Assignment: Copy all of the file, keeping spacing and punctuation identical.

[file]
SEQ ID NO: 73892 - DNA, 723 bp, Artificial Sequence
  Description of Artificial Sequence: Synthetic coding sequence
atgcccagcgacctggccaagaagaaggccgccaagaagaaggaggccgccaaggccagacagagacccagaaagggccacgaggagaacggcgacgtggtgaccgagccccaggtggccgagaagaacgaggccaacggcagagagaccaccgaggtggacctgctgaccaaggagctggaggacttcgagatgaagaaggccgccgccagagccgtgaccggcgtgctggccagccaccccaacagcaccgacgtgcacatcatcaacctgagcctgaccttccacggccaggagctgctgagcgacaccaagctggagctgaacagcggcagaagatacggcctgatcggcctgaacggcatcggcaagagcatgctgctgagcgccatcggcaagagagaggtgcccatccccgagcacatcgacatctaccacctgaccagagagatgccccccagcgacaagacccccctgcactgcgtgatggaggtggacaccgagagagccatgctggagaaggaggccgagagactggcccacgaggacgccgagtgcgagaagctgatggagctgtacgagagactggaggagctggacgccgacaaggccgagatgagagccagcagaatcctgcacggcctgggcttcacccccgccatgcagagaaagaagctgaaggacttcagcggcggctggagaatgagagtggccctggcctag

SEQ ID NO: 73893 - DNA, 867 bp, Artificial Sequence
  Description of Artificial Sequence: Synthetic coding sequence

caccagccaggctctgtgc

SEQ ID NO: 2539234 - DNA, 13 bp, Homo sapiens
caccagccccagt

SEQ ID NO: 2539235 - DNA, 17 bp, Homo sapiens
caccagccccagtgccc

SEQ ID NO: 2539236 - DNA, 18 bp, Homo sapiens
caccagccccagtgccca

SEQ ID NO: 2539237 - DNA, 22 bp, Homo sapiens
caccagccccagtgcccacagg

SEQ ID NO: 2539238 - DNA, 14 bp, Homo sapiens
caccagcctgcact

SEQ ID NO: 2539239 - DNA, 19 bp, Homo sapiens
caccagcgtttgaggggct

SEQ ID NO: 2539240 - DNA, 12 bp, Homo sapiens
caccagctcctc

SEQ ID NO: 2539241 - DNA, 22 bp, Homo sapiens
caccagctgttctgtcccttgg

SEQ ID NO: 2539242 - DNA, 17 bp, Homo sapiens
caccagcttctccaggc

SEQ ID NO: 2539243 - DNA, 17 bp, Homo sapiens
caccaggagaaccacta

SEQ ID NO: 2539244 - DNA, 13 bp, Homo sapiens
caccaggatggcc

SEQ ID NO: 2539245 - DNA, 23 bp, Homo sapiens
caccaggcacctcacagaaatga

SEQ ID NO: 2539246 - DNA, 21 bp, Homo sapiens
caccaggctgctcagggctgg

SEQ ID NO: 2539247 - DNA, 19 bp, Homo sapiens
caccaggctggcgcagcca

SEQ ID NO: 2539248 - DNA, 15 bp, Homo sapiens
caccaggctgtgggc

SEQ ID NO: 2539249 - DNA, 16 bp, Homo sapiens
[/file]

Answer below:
SEQ ID NO: 73892 - DNA, 723 bp, Artificial Sequence
  Description of Artificial Sequence: Synthetic coding sequence
atgcccagcgacctggccaagaagaaggccgccaagaagaaggaggccgccaaggccagacagagacccagaaagggccacgaggagaacggcgacgtggtgaccgagccccaggtggccgagaagaacgaggccaacggcagagagaccaccgaggtggacctgctgaccaaggagctggaggacttcgagatgaagaaggccgccgccagagccgtgaccggcgtgctggccagccaccccaacagcaccgacgtgcacatcatcaacctgagcctgaccttccacggccaggagctgctgagcgacaccaagctggagctgaacagcggcagaagatacggcctgatcggcctgaacggcatcggcaagagcatgctgctgagcgccatcggcaagagagaggtgcccatccccgagcacatcgacatctaccacctgaccagagagatgccccccagcgacaagacccccctgcactgcgtgatggaggtggacaccgagagagccatgctggagaaggaggccgagagactggcccacgaggacgccgagtgcgagaagctgatggagctgtacgagagactggaggagctggacgccgacaaggccgagatgagagccagcagaatcctgcacggcctgggcttcacccccgccatgcagagaaagaagctgaaggacttcagcggcggctggagaatgagagtggccctggcctag

SEQ ID NO: 73893 - DNA, 867 bp, Artificial Sequence
  Description of Artificial Sequence: Synthetic coding sequence

caccagccaggctctgtgc

SEQ ID NO: 2539234 - DNA, 13 bp, Homo sapiens
caccagccccagt

SEQ ID NO: 2539235 - DNA, 17 bp, Homo sapiens
caccagccccagtgccc

SEQ ID NO: 2539236 - DNA, 18 bp, Homo sapiens
caccagccccagtgccca

SEQ ID NO: 2539237 - DNA, 22 bp, Homo sapiens
caccagccccagtgcccacagg

SEQ ID NO: 2539238 - DNA, 14 bp, Homo sapiens
caccagcctgcact

SEQ ID NO: 2539239 - DNA, 19 bp, Homo sapiens
caccagcgtttgaggggct

SEQ ID NO: 2539240 - DNA, 12 bp, Homo sapiens
caccagctcctc

SEQ ID NO: 2539241 - DNA, 22 bp, Homo sapiens
caccagctgttctgtcccttgg

SEQ ID NO: 2539242 - DNA, 17 bp, Homo sapiens
caccagcttctccaggc

SEQ ID NO: 2539243 - DNA, 17 bp, Homo sapiens
caccaggagaaccacta

SEQ ID NO: 2539244 - DNA, 13 bp, Homo sapiens
caccaggatggcc

SEQ ID NO: 2539245 - DNA, 23 bp, Homo sapiens
caccaggcacctcacagaaatga

SEQ ID NO: 2539246 - DNA, 21 bp, Homo sapiens
caccaggctgctcagggctgg

SEQ ID NO: 2539247 - DNA, 19 bp, Homo sapiens
caccaggctggcgcagcca

SEQ ID NO: 2539248 - DNA, 15 bp, Homo sapiens
caccaggctgtgggc

SEQ ID NO: 2539249 - DNA, 16 bp, Homo sapiens